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A leading innovation and marketing blog from Braden Kelley of Business Strategy Innovation

Sunday, October 25, 2009

Optimizing Innovation - Simon Dewulf of Creax

by Braden Kelley

Simon Dewulf of CreaxWe are happy to bring you some of the key points and insights from Simon Dewulf's talk at the Optimizing Innovation Conference, which was held October 21-22, 2009 in New York City.

Simon Dewulf, Managing Director of Creax, spoke about how there are 67 million patents in the patent database and that a majority of them are 20+ years old and so they are free to use. And, how the other half are patents that could be applied for free to another purpose.

Simon spoke about an intersection example involving a Kraft need and a Goodyear expertise - cutting of viscous elastic material (cheese versus tires). There is no reason these two companies couldn't collaborate because they don't compete.

Amongst other things, Creax has software that helps people visualize connections and search terms from the information in the patent database. Apparently, less than 3% of patents make more money than they cost to file.

"Research is often re-search - the solution is often already existing."

In addition to companies with problems that are looking for solutions, there are also a lot of materials companies that have developed lots of solutions that are in search of a problem. This can be solved somewhat using the patent database.

Four ways of looking at your search for innovation:

1. Value and function
  • What values do we want?

2. Out of the box in time and space
  • What resources do we have?

  • Utilizes the 9 windows method from TRIZ (surrounding, before/box/after, components)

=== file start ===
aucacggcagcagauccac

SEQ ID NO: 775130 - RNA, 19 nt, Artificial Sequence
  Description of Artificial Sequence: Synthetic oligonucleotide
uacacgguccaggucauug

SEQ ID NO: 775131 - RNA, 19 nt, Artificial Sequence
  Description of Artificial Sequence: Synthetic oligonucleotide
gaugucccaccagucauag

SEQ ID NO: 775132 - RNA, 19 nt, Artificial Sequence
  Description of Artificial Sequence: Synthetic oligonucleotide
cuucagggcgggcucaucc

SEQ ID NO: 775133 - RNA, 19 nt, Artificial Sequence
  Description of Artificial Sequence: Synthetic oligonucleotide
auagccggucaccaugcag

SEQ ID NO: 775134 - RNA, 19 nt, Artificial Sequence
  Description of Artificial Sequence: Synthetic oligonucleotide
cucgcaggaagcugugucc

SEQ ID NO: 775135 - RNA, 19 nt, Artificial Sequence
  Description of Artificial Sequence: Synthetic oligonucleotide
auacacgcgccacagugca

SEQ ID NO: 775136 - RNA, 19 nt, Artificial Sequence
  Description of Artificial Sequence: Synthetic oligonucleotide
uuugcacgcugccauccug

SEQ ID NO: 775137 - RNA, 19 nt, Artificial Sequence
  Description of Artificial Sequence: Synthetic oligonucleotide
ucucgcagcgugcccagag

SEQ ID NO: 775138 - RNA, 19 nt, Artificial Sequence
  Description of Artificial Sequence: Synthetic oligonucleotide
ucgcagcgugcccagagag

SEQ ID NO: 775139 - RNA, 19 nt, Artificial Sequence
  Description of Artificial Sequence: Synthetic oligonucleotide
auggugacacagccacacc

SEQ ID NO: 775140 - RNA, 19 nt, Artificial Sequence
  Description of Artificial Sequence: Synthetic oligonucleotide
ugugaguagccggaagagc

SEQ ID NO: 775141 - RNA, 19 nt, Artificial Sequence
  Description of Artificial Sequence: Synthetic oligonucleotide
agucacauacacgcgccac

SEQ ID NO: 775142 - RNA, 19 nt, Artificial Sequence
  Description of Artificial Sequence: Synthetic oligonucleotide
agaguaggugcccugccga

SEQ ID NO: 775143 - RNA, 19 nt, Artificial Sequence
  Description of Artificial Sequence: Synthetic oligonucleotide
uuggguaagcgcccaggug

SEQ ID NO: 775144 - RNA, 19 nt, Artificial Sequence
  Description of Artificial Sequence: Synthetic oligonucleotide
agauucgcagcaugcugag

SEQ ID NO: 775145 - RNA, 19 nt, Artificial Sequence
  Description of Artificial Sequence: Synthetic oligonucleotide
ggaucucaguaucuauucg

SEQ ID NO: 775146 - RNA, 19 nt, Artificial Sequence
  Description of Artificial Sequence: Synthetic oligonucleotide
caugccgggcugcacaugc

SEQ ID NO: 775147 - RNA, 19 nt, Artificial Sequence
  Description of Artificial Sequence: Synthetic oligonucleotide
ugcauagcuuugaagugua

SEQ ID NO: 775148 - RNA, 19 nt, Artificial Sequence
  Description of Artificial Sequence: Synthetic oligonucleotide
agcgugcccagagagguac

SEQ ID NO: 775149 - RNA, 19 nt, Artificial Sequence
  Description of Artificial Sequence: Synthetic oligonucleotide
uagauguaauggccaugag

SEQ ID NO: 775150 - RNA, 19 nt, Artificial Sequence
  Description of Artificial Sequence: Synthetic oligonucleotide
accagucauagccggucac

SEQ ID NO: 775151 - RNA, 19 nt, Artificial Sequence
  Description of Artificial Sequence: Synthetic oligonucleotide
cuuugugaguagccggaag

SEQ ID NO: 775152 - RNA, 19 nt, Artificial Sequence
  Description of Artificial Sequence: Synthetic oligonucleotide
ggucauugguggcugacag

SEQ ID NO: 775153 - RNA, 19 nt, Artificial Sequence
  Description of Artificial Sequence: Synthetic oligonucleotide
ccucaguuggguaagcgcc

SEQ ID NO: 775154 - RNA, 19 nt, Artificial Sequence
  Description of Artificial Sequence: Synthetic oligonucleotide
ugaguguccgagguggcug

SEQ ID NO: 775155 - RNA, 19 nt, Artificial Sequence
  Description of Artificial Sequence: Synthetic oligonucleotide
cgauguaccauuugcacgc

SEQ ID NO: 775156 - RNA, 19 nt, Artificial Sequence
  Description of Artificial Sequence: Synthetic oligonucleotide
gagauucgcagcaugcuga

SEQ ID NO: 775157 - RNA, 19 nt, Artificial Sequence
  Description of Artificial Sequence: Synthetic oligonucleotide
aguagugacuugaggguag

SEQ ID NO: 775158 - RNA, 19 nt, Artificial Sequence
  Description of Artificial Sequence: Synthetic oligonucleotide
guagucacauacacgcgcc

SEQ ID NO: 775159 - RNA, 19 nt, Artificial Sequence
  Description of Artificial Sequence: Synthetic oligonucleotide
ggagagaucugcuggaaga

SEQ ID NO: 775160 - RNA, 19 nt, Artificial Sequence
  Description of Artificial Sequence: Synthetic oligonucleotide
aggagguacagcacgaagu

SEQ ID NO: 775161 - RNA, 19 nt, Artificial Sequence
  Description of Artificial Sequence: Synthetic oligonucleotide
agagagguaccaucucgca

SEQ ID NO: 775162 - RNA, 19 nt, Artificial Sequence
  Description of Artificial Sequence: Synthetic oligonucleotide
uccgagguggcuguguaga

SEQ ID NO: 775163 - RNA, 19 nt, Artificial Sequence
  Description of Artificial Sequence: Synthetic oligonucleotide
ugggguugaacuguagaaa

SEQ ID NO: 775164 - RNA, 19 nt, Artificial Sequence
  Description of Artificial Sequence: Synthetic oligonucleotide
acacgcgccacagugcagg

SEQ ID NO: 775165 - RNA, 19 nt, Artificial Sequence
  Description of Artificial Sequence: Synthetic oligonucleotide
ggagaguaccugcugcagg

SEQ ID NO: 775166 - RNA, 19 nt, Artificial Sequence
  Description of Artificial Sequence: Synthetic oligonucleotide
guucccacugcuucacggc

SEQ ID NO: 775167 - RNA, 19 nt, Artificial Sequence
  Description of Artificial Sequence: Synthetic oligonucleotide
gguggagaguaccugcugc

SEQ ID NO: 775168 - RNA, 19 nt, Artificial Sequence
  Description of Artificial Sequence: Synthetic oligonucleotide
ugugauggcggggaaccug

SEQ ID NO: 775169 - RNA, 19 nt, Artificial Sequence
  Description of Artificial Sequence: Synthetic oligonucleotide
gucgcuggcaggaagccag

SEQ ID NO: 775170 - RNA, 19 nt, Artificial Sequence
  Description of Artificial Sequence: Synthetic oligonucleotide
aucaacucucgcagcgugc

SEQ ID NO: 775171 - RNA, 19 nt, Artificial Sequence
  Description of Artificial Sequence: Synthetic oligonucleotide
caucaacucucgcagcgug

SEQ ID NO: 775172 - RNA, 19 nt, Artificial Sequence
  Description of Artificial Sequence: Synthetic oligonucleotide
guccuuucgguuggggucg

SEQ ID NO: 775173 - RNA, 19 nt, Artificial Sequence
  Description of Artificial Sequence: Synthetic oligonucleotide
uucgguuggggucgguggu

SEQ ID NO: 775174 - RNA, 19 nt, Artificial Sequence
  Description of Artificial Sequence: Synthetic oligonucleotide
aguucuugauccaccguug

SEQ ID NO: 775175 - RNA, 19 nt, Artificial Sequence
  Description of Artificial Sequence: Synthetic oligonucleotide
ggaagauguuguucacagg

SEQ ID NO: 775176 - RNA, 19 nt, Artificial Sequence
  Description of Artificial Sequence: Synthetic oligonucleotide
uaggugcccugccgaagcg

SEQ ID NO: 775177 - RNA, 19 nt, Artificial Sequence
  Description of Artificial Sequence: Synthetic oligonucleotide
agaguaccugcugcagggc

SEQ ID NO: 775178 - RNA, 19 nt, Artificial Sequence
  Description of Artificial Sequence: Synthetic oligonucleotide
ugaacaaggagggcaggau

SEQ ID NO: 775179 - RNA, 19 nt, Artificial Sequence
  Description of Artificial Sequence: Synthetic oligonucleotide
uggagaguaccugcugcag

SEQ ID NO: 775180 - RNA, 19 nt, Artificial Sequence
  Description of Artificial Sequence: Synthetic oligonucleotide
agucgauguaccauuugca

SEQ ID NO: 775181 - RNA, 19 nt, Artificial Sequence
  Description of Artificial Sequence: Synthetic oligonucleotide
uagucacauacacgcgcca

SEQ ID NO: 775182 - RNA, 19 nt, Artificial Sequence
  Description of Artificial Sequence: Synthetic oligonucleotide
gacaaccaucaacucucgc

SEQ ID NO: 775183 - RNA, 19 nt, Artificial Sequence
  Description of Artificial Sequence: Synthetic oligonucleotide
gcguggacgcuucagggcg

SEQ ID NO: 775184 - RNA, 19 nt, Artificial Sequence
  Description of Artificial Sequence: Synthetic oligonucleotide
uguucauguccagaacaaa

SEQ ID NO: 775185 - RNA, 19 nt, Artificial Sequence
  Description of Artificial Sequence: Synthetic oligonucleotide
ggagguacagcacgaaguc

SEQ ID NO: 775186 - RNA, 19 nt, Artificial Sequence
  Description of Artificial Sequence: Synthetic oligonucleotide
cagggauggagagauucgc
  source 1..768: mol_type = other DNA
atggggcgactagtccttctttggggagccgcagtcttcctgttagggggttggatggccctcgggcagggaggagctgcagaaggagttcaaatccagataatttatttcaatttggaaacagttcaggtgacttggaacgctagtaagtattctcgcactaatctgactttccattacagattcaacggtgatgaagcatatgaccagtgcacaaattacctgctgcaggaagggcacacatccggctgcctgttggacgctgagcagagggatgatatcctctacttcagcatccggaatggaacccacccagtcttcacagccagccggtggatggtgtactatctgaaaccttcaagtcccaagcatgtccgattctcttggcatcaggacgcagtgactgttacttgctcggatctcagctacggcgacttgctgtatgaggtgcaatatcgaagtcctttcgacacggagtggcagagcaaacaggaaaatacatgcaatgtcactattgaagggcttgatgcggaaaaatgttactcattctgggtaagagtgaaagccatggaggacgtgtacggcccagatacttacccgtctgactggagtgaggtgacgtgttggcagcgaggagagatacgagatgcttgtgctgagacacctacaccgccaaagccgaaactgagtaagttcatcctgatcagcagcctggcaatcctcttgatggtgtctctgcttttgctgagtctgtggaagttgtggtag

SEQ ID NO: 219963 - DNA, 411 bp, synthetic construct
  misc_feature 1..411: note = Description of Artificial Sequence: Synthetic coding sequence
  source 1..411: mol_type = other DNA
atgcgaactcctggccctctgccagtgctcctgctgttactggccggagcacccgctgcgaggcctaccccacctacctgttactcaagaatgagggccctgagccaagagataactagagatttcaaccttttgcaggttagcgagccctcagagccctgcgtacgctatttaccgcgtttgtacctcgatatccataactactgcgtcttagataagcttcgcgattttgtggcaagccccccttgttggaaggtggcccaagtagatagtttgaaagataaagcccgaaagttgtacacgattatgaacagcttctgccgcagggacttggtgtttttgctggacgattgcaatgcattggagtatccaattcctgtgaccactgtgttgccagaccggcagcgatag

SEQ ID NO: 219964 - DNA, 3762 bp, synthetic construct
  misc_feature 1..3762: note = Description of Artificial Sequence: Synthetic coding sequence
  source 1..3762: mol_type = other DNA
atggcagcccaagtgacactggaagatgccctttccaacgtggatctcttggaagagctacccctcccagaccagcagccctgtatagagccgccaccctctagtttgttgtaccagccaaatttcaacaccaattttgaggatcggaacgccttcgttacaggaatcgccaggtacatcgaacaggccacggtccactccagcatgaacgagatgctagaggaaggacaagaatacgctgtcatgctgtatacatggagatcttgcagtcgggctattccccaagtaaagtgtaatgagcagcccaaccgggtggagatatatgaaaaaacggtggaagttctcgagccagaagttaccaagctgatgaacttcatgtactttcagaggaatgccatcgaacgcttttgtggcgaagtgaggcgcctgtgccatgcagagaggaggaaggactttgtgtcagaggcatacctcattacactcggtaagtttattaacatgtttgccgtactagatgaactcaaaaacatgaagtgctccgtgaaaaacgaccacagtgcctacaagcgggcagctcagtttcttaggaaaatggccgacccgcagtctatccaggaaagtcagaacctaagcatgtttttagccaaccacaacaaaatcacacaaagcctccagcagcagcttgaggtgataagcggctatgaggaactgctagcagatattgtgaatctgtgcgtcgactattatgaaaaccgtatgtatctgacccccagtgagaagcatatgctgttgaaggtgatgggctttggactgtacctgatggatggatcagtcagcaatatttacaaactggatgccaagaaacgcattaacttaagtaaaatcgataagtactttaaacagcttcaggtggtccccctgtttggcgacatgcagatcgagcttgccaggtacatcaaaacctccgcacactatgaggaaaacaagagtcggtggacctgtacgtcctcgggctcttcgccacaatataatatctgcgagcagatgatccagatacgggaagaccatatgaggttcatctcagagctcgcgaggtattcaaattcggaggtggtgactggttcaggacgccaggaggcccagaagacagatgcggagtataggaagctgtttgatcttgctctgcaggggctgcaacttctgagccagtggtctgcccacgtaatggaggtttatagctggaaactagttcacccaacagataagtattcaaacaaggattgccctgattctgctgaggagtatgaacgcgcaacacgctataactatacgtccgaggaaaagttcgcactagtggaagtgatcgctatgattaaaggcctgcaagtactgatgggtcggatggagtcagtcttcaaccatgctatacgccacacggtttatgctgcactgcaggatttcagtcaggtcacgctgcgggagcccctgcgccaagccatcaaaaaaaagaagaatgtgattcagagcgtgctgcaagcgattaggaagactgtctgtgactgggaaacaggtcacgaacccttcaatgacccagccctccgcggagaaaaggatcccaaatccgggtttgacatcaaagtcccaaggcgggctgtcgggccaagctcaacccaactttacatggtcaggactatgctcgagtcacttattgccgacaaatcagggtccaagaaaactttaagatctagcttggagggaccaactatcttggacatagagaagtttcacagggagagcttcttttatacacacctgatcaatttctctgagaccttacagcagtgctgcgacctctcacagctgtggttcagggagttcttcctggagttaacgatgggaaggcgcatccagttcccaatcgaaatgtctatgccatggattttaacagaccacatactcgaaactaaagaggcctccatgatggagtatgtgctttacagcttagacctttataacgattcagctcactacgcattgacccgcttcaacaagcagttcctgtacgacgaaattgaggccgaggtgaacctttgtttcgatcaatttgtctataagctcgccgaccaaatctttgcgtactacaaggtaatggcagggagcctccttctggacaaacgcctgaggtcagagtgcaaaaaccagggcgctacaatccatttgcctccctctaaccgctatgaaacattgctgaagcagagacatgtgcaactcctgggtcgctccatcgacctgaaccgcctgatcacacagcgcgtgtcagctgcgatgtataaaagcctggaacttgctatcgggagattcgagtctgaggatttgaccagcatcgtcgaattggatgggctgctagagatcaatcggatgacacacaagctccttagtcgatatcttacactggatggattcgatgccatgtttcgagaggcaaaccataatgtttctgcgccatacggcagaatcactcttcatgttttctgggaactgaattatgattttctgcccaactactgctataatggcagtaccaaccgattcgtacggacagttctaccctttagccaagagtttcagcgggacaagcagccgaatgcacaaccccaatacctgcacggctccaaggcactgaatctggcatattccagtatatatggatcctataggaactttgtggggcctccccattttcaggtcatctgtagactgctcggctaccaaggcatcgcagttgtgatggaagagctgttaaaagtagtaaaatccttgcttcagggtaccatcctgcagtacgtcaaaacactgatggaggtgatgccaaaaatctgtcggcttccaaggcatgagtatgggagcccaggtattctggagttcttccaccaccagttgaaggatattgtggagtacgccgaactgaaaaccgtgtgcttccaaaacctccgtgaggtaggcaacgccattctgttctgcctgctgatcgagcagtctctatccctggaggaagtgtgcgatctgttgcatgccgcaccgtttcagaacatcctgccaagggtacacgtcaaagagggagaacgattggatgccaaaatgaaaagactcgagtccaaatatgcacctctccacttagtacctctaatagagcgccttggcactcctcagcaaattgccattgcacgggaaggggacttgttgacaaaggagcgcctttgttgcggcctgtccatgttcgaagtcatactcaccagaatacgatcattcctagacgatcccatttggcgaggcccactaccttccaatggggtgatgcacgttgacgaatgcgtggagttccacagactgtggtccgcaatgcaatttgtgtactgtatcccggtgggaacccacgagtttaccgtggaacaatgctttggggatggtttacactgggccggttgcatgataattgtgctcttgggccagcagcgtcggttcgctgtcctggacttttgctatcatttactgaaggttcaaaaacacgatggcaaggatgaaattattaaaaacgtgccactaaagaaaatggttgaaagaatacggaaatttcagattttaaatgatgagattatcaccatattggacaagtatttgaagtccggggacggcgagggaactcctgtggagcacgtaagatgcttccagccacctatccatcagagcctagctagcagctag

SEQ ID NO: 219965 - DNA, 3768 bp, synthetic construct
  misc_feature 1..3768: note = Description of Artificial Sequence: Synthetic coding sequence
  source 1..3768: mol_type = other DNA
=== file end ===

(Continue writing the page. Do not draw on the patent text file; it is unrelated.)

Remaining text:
3. Analogy across domains
  • Where do we look for inspiration?

4. Variation of properties for new or improved functions
  • What do we change, what do we gain?

All customer value requirements can be attributed to four main values:
  • More performance

  • Less harm

  • More convenience (aka interface)

  • Less price (aka cost)

They have simplified the TRIZ methodology down to properties and functions and brought in the patent database.

"Can you connect something that is different to something that is better?"

Finally, here are five questions you should be asking yourselves:
  1. What can you achieve by changing properties?

  2. What other industries should we be following?

  3. Who should we be partnering with?

  4. Who should be licensing to or from?

  5. Why does it take so long to apply in a different domain?

    • If you apply a surface similar to a golf ball to trains, you get 30% less friction.

Optimizing Innovation Conference

Braden KelleyBraden Kelley is the editor of Blogging Innovation and founder of Business Strategy Innovation, a consultancy focusing on innovation and marketing strategy. Braden is also @innovate on Twitter.

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